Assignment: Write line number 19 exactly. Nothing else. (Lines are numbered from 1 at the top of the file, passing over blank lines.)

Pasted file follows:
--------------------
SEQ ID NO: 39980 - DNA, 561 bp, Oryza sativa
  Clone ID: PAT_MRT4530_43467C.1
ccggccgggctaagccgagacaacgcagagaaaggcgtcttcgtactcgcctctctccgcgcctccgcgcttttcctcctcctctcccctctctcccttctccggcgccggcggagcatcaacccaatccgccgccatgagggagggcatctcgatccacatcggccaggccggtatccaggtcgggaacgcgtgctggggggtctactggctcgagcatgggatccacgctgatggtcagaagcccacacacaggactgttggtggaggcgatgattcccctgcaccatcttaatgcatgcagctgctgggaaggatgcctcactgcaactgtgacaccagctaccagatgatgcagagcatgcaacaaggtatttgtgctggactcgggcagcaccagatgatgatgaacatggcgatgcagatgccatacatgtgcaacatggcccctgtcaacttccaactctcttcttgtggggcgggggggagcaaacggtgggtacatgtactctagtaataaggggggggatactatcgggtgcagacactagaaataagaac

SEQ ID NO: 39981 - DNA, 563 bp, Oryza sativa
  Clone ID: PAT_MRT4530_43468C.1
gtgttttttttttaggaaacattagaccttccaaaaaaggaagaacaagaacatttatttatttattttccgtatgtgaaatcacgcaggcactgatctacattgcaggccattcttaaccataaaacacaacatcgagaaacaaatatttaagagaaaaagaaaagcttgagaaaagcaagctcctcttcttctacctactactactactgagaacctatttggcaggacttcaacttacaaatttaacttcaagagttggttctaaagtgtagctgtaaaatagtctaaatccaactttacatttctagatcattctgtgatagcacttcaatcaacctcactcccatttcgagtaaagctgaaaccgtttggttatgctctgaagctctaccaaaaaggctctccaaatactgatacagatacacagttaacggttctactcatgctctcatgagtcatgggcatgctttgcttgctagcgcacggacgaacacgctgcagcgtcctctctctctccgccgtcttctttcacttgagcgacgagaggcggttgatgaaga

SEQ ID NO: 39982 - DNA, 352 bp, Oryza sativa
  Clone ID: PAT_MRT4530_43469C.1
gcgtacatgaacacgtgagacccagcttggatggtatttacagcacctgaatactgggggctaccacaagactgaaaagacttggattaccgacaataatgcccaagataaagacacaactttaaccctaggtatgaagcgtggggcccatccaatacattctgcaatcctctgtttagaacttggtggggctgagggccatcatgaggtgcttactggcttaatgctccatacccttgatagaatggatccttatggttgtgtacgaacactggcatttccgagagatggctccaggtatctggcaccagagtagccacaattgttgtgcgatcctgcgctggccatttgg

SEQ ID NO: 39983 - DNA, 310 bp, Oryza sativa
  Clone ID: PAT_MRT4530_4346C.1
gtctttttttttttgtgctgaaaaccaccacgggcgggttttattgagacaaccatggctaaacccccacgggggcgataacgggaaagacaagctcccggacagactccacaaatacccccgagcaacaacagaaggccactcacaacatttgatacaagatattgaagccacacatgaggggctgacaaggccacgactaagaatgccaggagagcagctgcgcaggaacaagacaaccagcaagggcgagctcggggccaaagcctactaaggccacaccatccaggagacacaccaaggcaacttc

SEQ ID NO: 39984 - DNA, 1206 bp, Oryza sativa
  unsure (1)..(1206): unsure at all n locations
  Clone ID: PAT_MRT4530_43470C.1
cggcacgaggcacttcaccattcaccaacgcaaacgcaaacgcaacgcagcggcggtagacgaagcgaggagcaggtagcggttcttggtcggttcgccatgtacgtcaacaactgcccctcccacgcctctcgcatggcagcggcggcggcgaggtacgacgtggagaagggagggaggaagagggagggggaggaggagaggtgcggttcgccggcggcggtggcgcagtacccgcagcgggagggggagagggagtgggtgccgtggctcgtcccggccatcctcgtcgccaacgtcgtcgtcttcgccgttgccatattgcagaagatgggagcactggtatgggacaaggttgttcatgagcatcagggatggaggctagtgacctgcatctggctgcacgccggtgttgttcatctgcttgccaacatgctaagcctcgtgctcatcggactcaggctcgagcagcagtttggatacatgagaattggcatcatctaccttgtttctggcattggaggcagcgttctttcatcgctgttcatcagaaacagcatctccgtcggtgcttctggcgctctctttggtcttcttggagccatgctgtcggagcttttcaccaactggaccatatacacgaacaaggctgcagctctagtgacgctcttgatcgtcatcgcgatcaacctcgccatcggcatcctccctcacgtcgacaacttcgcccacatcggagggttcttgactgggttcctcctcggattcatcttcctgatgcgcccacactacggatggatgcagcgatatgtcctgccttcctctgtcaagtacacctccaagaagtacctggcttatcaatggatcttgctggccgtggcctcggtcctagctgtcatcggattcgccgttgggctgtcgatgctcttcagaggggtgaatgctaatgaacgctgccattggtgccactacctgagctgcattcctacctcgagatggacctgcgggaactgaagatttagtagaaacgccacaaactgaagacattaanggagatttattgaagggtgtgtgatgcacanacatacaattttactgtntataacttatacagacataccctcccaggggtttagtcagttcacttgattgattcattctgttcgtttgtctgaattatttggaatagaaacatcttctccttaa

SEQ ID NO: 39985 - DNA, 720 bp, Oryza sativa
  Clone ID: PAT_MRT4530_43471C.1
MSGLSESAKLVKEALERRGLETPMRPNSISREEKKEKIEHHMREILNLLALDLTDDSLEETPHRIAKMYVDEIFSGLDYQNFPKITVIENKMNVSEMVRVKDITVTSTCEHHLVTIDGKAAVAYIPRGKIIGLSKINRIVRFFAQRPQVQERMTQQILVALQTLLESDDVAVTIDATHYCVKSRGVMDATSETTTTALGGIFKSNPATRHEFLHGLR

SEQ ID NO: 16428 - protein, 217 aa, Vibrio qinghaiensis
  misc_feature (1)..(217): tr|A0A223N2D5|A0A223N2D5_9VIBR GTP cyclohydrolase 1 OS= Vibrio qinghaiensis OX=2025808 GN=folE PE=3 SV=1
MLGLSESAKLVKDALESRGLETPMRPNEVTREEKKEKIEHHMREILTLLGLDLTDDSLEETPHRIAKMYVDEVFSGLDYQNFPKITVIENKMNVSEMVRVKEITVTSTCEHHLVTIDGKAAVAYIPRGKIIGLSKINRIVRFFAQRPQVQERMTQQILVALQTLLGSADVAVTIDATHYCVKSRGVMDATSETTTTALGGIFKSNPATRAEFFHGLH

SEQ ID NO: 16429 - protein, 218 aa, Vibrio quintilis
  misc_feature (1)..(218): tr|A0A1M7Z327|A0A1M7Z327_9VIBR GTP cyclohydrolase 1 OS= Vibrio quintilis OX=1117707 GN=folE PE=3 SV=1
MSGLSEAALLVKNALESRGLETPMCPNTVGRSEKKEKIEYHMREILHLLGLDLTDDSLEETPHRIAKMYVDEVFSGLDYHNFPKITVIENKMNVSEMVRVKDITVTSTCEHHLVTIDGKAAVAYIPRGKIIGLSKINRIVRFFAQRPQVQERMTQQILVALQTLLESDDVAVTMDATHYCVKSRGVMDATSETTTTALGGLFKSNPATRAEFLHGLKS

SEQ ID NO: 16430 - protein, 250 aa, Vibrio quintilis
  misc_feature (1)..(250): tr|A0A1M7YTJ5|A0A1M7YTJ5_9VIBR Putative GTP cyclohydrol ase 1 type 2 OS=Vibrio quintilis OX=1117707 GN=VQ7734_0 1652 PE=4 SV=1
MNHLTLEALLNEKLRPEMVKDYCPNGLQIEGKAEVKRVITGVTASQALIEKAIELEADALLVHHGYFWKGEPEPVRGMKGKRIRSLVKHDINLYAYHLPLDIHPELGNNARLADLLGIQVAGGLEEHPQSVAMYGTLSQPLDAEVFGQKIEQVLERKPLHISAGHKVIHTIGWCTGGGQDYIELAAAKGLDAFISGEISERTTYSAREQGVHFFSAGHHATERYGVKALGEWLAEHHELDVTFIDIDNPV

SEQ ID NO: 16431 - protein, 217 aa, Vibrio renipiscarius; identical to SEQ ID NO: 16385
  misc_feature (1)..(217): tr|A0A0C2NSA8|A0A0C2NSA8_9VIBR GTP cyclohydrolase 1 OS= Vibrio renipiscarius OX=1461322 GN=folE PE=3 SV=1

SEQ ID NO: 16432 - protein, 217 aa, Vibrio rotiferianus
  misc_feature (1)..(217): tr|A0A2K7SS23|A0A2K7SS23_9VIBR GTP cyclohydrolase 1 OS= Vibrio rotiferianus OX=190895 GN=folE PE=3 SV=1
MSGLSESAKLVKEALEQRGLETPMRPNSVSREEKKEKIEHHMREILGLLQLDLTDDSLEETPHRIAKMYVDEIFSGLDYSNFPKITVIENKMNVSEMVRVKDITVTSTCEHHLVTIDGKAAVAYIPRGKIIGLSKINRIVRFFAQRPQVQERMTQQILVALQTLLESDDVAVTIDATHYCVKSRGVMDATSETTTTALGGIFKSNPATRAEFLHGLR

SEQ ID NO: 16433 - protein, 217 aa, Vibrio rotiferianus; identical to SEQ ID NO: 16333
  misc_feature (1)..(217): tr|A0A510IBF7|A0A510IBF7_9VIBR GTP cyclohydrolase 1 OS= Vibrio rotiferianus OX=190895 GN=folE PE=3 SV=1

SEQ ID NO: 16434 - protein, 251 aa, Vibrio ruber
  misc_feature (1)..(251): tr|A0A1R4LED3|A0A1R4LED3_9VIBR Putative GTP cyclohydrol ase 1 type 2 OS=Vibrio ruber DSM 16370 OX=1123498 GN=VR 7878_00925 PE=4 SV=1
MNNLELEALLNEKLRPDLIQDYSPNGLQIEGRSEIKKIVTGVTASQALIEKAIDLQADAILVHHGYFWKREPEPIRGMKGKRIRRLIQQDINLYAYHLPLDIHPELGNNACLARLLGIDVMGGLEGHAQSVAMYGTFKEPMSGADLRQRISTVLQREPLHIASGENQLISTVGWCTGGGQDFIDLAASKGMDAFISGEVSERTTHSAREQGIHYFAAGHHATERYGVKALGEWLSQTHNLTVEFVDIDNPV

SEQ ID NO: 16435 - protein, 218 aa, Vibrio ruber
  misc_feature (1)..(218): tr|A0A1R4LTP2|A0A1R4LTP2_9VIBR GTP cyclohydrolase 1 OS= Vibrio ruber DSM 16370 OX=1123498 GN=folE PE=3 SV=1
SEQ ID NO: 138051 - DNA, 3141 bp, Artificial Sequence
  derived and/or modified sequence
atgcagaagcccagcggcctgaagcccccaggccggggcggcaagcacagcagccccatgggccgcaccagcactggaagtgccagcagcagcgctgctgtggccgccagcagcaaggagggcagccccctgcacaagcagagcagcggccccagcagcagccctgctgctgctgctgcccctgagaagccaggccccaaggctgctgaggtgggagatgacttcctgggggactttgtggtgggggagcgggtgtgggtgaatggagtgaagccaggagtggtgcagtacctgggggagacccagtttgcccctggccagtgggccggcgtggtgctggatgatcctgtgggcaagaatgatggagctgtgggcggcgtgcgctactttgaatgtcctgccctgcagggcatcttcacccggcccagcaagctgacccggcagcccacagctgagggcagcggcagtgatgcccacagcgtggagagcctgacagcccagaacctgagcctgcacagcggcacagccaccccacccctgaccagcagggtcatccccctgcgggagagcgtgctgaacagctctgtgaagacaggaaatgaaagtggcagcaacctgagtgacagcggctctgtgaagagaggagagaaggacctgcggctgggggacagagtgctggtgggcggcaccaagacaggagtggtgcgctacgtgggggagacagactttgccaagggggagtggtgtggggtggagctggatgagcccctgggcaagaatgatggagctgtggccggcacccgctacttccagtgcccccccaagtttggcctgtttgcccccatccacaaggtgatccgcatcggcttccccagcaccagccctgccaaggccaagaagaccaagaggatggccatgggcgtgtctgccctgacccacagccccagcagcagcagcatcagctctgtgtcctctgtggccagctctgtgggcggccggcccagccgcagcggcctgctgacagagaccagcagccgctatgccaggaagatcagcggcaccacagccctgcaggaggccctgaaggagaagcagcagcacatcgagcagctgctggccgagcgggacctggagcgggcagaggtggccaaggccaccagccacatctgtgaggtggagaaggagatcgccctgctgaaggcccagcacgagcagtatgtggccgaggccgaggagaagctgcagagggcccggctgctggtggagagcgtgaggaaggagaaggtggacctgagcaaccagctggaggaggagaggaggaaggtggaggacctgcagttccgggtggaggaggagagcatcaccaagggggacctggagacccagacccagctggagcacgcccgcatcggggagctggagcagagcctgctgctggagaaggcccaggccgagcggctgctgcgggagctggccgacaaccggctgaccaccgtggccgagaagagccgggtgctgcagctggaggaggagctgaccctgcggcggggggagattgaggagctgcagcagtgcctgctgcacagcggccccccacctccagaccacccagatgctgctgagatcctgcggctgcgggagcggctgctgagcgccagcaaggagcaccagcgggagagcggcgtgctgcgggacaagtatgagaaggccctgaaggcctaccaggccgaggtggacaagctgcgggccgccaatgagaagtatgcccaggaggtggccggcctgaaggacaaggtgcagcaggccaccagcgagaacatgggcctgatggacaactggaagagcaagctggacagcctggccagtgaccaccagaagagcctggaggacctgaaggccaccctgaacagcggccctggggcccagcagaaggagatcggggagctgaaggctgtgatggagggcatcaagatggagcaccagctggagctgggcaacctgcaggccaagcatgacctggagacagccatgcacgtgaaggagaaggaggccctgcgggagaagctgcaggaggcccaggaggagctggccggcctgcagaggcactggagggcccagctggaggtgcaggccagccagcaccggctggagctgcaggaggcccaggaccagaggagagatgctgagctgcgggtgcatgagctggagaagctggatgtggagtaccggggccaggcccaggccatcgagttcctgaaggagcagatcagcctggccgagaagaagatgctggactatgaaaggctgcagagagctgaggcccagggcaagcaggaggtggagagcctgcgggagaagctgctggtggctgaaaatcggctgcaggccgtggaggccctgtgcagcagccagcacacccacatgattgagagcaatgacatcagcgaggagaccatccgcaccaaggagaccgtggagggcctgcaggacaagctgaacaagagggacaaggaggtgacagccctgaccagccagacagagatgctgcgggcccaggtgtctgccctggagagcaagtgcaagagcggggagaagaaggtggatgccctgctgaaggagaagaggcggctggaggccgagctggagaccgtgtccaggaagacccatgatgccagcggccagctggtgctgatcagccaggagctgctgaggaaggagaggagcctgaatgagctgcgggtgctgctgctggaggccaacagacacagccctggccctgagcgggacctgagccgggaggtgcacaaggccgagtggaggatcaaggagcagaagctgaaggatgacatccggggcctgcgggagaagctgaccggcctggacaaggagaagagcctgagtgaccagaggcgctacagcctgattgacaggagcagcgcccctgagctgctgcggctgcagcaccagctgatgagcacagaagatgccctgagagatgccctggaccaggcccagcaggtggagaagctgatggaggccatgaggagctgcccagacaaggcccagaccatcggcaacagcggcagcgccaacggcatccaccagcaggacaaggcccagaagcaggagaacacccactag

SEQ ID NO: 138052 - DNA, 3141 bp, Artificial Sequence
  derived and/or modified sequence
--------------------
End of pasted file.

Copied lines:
MSGLSESAKLVKEALERRGLETPMRPNSISREEKKEKIEHHMREILNLLALDLTDDSLEETPHRIAKMYVDEIFSGLDYQNFPKITVIENKMNVSEMVRVKDITVTSTCEHHLVTIDGKAAVAYIPRGKIIGLSKINRIVRFFAQRPQVQERMTQQILVALQTLLESDDVAVTIDATHYCVKSRGVMDATSETTTTALGGIFKSNPATRHEFLHGLR